Temporary workers are taking staffing agencies to court in Germany, following a December 2010 ruling of Germany's highest labor court (BAG) that rendered null and void the collective bargaining agreements signed by staffing agencies with the Christian Unions (CGZP).
Under normal circumstances, temporary employees in Germany receive equal pay for equal work and are paid the same as their permanent counterparts — unless there is a specific collective bargaining agreement in place allowing for other pay rates.
Many medium-sized temporary employment agencies have in the past signed collective bargaining agreements with CGZP. But BAG rendered those agreements null and void, ruling that CGZP is not sufficiently representative of its members and is therefore legally not a union.
As a result of the court ruling, temporary employees and the Social Security and Pension Offices can now sue for retroactive payment of the difference between equal pay for equal work and the wages negotiated with CGZP. The outcome will be decided on a case-by-case basis.
The local labor court in the town of Krefeld in April awarded 13,200 euro -- as retroactive payment going back to 2007 -- to a temporary employee who worked for the same staffing agency for 15 years.
Frau Gallner, a BAG spokesperson, told Staffing Industry Analysts, the publisher of this newsletter, that "any retroactive claims against agencies would have to go to labor courts, which will refer to BAG's decision on the so-called 'status' of the CGZP union in the past."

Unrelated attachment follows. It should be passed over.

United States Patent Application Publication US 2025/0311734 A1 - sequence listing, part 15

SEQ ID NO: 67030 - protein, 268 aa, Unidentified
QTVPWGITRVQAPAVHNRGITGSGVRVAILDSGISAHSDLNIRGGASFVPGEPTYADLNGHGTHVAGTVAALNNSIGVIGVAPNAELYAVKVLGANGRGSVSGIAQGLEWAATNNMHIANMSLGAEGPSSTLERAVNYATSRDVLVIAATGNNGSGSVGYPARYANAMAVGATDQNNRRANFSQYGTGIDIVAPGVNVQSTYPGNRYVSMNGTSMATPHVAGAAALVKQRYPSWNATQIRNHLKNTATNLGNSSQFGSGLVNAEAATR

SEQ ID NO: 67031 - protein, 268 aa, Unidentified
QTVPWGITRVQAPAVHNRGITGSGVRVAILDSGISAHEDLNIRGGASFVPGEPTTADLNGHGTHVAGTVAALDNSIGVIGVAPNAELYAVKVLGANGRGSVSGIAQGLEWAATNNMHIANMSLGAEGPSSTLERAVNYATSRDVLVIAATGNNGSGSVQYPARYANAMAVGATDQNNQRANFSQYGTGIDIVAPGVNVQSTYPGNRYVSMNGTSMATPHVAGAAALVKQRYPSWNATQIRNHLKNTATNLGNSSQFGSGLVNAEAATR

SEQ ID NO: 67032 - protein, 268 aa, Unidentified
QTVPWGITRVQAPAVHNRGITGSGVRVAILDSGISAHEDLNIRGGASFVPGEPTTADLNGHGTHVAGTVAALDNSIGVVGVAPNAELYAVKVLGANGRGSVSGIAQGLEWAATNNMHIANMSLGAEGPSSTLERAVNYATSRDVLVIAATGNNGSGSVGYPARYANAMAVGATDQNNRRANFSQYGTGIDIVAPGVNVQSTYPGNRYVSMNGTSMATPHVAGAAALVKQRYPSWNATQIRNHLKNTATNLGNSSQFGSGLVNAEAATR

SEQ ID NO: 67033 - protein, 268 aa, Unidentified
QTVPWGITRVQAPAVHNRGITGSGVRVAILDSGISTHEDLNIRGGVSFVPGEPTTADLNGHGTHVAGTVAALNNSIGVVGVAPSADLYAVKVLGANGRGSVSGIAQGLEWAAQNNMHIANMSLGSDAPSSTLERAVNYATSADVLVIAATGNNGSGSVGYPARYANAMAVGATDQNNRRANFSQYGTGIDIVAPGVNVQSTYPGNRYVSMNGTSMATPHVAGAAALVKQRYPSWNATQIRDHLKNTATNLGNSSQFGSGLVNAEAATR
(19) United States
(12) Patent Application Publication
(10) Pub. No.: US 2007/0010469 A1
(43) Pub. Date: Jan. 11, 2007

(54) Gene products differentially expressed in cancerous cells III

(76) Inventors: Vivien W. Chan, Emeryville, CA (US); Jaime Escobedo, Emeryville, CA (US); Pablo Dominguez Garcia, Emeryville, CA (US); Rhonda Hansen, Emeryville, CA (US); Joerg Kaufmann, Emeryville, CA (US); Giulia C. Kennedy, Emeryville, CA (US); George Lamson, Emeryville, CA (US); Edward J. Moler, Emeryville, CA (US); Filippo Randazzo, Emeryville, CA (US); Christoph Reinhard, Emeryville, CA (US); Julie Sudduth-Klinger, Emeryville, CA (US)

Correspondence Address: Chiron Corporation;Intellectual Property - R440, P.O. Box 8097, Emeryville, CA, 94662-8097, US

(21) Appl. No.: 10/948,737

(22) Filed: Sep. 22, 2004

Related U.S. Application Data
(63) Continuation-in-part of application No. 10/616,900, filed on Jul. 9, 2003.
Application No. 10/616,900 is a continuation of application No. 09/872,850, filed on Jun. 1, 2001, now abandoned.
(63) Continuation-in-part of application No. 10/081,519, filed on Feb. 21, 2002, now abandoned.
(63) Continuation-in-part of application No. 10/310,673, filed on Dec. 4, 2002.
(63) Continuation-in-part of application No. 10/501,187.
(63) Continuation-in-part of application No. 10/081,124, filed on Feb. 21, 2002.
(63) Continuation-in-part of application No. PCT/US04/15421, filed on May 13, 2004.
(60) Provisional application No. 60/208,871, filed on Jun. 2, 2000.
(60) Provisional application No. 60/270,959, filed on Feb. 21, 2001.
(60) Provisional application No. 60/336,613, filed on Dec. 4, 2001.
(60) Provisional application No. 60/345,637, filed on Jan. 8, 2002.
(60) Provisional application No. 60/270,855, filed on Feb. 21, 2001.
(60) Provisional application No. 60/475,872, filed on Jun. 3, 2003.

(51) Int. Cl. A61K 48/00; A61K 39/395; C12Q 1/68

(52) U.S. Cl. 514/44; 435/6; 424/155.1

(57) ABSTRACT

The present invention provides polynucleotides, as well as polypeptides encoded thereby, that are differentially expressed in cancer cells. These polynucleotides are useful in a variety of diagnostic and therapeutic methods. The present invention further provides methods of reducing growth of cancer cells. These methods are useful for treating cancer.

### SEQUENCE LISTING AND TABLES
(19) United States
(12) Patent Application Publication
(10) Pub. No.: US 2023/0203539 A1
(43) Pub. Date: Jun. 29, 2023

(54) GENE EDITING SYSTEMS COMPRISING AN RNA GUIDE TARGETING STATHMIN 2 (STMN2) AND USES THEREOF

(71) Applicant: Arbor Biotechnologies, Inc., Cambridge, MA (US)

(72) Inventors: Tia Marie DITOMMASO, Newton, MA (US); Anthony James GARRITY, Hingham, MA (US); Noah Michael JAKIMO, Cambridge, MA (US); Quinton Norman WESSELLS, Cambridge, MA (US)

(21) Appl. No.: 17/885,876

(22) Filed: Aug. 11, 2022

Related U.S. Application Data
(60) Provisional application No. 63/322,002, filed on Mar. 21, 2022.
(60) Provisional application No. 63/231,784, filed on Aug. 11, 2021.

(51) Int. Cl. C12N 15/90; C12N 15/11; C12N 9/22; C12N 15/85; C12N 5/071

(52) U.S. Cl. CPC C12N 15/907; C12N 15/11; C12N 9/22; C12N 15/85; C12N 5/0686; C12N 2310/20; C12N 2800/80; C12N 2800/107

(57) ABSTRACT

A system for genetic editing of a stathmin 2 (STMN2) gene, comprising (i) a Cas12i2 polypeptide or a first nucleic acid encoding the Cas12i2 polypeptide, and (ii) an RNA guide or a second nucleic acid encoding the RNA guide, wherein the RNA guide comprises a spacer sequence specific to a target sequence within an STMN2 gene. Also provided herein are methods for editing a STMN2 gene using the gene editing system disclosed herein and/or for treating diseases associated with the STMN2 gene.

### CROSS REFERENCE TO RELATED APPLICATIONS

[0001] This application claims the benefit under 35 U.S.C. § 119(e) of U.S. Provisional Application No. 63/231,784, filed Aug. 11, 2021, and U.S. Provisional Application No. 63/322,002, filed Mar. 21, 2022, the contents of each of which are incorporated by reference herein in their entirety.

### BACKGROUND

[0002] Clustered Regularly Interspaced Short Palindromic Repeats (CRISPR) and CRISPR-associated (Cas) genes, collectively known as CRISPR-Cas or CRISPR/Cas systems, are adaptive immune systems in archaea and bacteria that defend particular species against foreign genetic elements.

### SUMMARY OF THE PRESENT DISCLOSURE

"It is theoretically possible but most unlikely that labor courts will not be guided by BAG's verdict that CGZP's status was the same in the past as it was on 14 December 2010."
However, the newly created Association of Staffing Agencies (BAP), said that the "the Krefeld court ruling is unique so far. In a comparable case in Freiburg, the court ruled in favor of the staffing agency."
It is as yet unclear whether the staffing agency will appeal against the ruling of the Krefeld labor court. Industry experts say the worst case scenario is that staffing firms have to top up the wages and pay benefits for roughly 280,000 workers for four years, which may run into hundreds of millions of euro.
But here’s the real issue for the end users of contingent labor. If staffing agencies do not have the funds to make back payments, or if they go bust, the user of the temporary employment service or client will have to pay. Money notwithstanding, it could also mean the loss of 200,000 to 300,000 jobs as agencies struggle to survive.